• Malaria is a life-threatening disease caused by parasites that are transmitted to people through the bites of infected Anopheles mosquitoes, which generally bite at night.

• Malaria is preventable, treatable and curable.

• Travelers from non-endemic areas to malaria endemic areas and countries are vulnerable to the disease and need to take reventative measures.

• Malaria symptoms appear within 10-15 days after the infective mosquito bite.

• The symptoms include, fever, headache, chills and vomiting.

• Early malaria diagnosis and treatment reduces disease severity and prevents deaths.

• If people suspect that they have having malaria, they should immediately consult their health service provider to be tested and treated.

• If not treated within 24 hours, malaria can progress to severe illness and death. Individuals are therefore advised to take personal protection methods when visiting malaria endemic areas within and outside South Africa.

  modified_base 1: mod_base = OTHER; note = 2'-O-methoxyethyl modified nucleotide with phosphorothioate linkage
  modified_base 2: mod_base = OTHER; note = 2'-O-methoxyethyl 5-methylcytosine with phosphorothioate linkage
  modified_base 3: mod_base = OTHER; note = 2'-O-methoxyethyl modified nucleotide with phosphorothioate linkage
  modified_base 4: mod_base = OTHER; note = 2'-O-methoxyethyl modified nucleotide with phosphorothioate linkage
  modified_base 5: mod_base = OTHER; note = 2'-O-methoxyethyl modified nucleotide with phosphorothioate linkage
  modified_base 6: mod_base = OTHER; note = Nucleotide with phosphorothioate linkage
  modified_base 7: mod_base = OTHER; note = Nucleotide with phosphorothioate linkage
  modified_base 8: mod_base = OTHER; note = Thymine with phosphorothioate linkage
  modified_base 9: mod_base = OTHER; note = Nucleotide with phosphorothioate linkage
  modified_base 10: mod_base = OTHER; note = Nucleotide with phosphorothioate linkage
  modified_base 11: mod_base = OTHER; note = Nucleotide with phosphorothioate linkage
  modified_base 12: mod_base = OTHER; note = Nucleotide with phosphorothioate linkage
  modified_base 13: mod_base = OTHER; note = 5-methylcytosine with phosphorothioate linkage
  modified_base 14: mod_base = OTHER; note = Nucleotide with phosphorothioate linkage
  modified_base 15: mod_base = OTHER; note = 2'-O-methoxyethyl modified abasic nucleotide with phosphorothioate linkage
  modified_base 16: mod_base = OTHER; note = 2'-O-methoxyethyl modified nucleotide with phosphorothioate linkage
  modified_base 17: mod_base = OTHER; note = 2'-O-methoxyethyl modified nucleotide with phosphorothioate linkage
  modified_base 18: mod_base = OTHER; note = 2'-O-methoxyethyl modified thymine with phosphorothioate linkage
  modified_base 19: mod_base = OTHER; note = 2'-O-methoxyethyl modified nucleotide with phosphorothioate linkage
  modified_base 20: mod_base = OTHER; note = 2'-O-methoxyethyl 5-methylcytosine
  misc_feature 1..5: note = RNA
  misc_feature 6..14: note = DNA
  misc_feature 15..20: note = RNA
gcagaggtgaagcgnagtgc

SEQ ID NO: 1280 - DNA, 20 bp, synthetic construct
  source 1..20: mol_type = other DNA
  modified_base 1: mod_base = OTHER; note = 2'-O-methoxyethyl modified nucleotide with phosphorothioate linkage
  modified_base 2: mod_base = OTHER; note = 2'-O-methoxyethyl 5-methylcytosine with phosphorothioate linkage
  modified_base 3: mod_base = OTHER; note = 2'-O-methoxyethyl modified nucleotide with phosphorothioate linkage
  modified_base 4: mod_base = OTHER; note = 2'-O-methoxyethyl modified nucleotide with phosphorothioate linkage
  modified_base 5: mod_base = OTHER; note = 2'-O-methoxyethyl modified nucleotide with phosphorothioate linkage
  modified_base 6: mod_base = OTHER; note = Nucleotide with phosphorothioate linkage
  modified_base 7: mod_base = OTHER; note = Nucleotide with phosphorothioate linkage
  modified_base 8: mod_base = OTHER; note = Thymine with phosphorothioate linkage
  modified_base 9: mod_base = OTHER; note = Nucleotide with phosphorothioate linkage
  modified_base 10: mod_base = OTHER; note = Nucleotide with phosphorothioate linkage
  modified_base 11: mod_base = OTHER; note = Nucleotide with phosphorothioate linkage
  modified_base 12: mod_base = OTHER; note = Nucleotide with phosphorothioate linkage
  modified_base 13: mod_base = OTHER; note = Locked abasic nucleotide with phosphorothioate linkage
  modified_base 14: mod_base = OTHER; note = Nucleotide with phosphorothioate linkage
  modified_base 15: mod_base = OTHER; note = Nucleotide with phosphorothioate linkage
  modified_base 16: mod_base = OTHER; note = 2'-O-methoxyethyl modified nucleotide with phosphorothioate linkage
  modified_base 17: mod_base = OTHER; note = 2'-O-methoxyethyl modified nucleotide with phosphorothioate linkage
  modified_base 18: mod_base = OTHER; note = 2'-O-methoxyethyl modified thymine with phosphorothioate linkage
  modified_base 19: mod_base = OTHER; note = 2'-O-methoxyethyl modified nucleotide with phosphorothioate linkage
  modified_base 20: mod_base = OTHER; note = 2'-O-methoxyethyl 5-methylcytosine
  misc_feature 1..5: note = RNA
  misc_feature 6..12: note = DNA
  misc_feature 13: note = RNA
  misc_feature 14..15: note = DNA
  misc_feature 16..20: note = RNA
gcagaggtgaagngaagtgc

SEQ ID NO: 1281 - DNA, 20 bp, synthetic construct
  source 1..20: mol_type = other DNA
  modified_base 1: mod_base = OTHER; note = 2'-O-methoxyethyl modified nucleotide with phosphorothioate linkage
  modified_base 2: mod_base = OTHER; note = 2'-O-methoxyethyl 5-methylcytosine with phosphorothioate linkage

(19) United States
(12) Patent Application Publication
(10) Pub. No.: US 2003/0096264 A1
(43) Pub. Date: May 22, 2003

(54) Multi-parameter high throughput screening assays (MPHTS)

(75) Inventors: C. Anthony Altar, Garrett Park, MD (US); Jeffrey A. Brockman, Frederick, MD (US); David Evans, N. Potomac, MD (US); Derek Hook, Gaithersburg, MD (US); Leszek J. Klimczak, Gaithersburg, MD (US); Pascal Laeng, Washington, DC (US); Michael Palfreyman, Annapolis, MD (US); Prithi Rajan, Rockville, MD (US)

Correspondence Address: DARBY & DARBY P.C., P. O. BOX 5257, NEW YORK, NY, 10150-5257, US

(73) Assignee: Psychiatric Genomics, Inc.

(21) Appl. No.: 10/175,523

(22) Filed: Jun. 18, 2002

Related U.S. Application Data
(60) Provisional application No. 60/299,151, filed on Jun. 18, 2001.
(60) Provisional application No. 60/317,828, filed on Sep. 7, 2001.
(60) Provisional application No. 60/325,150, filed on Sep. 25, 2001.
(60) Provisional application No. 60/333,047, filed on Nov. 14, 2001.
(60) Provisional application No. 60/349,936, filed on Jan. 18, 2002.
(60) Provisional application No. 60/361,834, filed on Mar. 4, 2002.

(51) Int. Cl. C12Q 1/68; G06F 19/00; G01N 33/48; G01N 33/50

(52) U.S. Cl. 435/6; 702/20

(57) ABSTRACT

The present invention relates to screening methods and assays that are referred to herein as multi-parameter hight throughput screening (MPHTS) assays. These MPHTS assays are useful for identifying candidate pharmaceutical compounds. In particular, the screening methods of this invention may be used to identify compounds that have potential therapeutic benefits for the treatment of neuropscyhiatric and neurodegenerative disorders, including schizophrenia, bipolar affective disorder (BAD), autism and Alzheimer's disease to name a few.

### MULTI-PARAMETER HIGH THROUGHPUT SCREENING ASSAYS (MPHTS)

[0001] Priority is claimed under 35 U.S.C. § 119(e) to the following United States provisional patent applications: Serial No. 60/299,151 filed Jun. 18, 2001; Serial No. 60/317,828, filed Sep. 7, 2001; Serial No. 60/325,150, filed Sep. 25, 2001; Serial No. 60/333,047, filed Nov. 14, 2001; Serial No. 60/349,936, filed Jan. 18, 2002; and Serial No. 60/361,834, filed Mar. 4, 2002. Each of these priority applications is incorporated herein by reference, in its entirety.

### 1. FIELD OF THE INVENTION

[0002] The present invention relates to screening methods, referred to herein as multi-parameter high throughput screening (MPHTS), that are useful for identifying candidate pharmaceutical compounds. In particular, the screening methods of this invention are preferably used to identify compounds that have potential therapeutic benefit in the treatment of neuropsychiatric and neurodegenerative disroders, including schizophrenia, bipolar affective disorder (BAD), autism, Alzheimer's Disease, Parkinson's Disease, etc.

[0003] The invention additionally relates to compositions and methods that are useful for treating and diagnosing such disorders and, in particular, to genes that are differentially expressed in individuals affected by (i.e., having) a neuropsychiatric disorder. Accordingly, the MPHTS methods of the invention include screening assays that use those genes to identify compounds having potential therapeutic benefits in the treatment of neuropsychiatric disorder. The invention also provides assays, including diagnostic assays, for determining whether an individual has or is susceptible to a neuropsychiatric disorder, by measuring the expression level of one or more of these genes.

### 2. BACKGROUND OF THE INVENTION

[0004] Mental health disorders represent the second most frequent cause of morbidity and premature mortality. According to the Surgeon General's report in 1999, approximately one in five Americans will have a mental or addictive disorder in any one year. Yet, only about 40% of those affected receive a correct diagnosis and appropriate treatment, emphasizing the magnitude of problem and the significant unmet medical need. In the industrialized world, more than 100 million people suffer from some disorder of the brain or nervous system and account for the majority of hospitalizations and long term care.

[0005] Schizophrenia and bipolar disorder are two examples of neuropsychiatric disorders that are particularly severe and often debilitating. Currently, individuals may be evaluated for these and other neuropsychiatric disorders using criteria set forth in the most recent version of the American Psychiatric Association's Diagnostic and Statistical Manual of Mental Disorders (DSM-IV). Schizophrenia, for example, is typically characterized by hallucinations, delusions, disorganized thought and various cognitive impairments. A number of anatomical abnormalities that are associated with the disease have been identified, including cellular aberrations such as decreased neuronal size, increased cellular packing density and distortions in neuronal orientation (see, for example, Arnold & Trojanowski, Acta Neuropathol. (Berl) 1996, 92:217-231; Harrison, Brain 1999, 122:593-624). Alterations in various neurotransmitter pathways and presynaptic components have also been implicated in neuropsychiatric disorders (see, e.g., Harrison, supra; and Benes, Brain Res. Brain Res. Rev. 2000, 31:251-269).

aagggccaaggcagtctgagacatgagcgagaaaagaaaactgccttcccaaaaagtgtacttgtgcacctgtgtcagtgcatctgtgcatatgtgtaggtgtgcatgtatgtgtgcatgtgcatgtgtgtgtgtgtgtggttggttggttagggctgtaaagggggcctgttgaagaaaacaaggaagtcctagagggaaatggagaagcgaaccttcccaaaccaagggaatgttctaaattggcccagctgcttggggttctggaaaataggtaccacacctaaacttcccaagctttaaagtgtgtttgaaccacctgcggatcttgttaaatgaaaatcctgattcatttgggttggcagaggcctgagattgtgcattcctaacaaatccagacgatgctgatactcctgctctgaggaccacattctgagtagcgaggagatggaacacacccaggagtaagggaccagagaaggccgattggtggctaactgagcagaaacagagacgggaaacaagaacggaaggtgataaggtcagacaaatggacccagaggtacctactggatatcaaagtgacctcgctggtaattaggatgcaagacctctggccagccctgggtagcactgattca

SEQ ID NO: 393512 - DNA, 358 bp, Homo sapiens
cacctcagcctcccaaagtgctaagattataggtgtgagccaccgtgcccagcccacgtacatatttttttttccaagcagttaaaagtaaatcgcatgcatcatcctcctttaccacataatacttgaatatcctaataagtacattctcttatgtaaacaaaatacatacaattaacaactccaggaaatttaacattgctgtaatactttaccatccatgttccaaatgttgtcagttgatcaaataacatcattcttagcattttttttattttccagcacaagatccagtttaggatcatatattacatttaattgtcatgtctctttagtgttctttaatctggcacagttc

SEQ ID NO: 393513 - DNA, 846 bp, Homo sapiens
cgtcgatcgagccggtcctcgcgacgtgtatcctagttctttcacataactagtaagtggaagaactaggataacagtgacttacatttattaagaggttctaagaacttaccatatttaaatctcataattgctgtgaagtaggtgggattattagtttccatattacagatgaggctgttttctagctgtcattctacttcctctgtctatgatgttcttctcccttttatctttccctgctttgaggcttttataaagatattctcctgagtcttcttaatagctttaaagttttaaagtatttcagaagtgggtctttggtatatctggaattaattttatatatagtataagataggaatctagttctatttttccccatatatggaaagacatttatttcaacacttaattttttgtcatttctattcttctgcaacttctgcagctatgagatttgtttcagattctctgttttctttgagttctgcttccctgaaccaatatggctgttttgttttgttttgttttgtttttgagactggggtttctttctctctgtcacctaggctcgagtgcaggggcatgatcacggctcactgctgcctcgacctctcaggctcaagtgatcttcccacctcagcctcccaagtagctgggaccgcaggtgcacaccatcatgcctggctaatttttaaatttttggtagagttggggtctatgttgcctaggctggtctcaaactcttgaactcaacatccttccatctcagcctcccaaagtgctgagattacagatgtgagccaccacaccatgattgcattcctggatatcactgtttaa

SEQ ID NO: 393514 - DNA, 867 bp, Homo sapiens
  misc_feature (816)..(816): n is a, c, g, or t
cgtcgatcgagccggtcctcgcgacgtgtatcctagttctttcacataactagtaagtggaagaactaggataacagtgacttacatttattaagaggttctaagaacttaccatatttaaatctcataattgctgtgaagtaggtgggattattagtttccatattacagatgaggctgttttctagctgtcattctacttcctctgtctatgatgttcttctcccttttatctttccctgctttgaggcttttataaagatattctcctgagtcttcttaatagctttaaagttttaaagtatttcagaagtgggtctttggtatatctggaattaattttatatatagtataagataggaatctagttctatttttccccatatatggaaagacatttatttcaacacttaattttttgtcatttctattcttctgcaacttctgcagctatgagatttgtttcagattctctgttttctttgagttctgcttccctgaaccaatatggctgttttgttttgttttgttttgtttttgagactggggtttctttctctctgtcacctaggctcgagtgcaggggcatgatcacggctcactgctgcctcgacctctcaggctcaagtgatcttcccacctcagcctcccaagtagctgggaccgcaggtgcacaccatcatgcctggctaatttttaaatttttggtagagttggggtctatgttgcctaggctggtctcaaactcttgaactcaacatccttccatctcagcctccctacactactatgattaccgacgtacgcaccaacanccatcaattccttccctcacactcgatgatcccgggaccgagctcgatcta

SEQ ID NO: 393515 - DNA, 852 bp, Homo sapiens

• Everyone is at risk of contracting malaria in malarious areas (see attached malaria risk map for south Africa), but there are some higher risk groups including, children under five years of age, pregnant women, people with compromised immune systems, travellers from non-endemic areas and immigrant workers.

For Enquiries, please contact: Mr Popo Maja: Head of Communications National Department of Health

Mobile: 072 585 3219


Message to Grade 12 Learners

This is a message to all the Grade 12 learners in Mpumalanga province. On 23 October 2017, you will begin writing your all-important final year examinations.

Your journey of enduring success from foundation, intermediate, GET and now FET level should give you confidence in your abilities to succeed. All that groundwork was intended to prepare you for this most crucial exam. 

This means that each one of you has the ability to successfully pass Grade 12.

I am aware that for many of you in Grade 12, this has been a challenging year for various reasons. I am also aware that this is a very challenging time for learners. This is because of an awareness of the fact that the final year of high school is a crucial year for deciding what you will be doing in the years following your completion of high school education.